Rowan Flad, the John E. Hudson Professor of Archaeology at the Harvard Anthropology Department, led seven Harvard students and four faculty members on a research trip to Chengdu, China from March 18 to 23. An experienced archaeologist, Professor Flad has conducted extensive fieldwork in China for over twenty years. His research focuses on the emergence and development of complex society during the late Neolithic period and the Bronze Age in China. At Harvard, Professor Flad has taught on a variety of subjects, including the archaeology of ancient China, archaeological theory, and archaeology of ritual and religion.
 
Led by Professor Flad, the group spent one week visiting various archaeological sites and museums, participating in lectures, and exchanging ideas with current students and faculty from Sichuan University. The students, all of whom are archaeology majors at Harvard, had the opportunity to learn about major archaeological discoveries in the Chengdu Plain from experts in the field. The Sanxingdui site, one of the highlights of the trip, has been hailed as one of the most important archaeological discoveries of the 20th century. According to Paul Dominic, one of the Harvard students on the trip: “It’s just an incredible experience being in the environment, seeing everything around, and feeling what it would have been like to be here.”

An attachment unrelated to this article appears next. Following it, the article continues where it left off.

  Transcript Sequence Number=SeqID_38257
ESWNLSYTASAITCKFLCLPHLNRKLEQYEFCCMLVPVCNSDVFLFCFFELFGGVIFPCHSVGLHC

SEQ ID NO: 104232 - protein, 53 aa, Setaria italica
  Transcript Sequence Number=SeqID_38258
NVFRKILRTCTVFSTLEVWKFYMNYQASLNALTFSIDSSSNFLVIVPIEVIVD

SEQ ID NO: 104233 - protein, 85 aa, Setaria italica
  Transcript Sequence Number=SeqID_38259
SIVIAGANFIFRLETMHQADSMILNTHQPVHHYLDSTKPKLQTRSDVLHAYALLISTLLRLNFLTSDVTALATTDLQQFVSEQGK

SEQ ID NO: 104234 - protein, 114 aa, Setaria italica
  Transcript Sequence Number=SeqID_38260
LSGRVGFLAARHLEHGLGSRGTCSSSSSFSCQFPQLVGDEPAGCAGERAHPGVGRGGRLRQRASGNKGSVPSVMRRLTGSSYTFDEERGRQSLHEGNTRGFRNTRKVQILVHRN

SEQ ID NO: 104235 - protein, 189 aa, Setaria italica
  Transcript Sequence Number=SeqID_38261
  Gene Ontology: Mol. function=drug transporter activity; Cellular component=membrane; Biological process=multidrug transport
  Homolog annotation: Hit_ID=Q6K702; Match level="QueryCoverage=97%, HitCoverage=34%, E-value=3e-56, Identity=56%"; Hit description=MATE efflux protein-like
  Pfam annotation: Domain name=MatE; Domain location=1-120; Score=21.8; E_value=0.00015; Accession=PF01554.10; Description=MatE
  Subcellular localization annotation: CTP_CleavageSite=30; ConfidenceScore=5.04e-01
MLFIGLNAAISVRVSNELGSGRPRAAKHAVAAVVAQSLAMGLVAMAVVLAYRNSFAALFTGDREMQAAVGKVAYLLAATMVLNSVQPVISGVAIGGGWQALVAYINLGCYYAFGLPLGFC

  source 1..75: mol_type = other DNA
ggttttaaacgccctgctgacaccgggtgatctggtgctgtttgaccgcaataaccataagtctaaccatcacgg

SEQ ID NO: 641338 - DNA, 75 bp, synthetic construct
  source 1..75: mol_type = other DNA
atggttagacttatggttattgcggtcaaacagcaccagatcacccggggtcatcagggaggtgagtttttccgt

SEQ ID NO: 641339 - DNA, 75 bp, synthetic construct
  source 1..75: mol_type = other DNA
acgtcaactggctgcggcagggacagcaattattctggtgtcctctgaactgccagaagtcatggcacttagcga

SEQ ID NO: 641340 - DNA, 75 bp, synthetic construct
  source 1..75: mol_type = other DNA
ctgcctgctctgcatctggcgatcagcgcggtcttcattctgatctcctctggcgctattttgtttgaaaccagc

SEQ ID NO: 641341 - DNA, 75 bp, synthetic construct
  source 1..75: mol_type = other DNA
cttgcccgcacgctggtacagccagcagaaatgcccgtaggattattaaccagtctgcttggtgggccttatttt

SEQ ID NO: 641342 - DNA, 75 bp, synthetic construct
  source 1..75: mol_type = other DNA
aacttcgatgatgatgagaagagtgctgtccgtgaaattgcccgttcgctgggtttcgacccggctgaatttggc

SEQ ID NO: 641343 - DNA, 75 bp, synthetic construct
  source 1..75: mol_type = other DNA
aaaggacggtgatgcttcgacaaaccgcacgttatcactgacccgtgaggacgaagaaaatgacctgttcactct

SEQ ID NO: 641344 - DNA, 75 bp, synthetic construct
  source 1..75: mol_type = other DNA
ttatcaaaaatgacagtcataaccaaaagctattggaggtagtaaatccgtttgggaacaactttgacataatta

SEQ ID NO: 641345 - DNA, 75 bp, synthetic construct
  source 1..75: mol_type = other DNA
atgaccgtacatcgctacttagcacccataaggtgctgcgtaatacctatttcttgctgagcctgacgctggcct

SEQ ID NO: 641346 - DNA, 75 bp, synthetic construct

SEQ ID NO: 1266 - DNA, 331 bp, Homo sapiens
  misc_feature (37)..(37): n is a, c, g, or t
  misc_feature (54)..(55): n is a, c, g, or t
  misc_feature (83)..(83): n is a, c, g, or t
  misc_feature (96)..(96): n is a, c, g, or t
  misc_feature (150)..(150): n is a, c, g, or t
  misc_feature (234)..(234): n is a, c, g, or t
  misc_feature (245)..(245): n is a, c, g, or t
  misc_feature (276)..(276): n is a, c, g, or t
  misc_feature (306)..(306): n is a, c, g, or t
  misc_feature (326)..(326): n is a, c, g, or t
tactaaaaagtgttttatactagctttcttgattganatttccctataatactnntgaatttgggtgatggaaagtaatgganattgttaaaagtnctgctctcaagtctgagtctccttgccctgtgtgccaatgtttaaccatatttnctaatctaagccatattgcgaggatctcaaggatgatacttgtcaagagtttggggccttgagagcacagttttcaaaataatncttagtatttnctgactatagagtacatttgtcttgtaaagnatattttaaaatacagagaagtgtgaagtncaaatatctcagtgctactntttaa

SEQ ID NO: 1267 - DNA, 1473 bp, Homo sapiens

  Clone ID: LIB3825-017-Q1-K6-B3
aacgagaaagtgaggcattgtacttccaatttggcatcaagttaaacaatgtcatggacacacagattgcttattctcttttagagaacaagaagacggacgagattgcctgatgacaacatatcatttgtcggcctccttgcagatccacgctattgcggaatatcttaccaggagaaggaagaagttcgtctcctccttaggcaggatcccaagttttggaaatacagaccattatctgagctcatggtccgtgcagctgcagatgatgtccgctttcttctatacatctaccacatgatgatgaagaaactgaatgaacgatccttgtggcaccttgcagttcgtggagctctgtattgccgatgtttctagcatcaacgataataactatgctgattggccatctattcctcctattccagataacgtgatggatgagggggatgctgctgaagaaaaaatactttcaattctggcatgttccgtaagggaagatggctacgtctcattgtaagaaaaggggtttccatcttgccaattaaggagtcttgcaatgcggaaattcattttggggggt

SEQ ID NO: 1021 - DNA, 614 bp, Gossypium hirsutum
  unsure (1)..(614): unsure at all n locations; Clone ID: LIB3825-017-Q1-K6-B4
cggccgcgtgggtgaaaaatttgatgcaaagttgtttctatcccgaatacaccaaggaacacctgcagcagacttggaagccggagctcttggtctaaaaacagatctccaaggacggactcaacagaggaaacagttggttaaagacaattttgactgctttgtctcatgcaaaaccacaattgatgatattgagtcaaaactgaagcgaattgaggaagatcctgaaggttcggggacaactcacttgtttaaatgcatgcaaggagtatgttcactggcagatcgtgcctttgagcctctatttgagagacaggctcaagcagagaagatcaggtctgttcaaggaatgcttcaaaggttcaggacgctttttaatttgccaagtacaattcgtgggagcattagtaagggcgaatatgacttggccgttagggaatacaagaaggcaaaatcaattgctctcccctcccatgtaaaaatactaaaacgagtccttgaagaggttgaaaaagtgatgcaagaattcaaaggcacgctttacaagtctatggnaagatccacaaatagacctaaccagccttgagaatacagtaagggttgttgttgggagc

Organized by the staff and faculty at both Harvard and Sichuan University, the research trip grew out of the collaborative partnership between Harvard University’s Fairbank Center and the West China Research Center (WCRC) at Sichuan University established in 2016. The success of the trip anticipates more collaborative programs between the two institutions in the future.
 
Watch a report of the trip below:

Fairbank Center for Chinese Studies